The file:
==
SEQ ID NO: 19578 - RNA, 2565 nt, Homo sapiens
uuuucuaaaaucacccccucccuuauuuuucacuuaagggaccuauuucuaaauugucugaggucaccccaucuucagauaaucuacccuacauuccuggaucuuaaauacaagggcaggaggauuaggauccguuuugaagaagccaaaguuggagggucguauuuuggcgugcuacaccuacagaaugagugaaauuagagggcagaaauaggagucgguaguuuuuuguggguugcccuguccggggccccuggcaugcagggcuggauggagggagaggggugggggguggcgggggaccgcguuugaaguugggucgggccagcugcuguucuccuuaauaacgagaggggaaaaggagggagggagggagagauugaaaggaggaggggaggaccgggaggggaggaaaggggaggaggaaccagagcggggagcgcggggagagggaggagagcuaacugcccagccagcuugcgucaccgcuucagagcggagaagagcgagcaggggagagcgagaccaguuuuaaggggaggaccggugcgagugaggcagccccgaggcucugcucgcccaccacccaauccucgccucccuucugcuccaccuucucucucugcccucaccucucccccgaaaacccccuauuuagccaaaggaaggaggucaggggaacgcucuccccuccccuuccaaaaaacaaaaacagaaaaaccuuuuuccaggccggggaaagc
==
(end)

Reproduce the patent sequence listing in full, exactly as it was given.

SEQ ID NO: 19578 - RNA, 2565 nt, Homo sapiens
uuuucuaaaaucacccccucccuuauuuuucacuuaagggaccuauuucuaaauugucugaggucaccccaucuucagauaaucuacccuacauuccuggaucuuaaauacaagggcaggaggauuaggauccguuuugaagaagccaaaguuggagggucguauuuuggcgugcuacaccuacagaaugagugaaauuagagggcagaaauaggagucgguaguuuuuuguggguugcccuguccggggccccuggcaugcagggcuggauggagggagaggggugggggguggcgggggaccgcguuugaaguugggucgggccagcugcuguucuccuuaauaacgagaggggaaaaggagggagggagggagagauugaaaggaggaggggaggaccgggaggggaggaaaggggaggaggaaccagagcggggagcgcggggagagggaggagagcuaacugcccagccagcuugcgucaccgcuucagagcggagaagagcgagcaggggagagcgagaccaguuuuaaggggaggaccggugcgagugaggcagccccgaggcucugcucgcccaccacccaauccucgccucccuucugcuccaccuucucucucugcccucaccucucccccgaaaacccccuauuuagccaaaggaaggaggucaggggaacgcucuccccuccccuuccaaaaaacaaaaacagaaaaaccuuuuuccaggccggggaaagc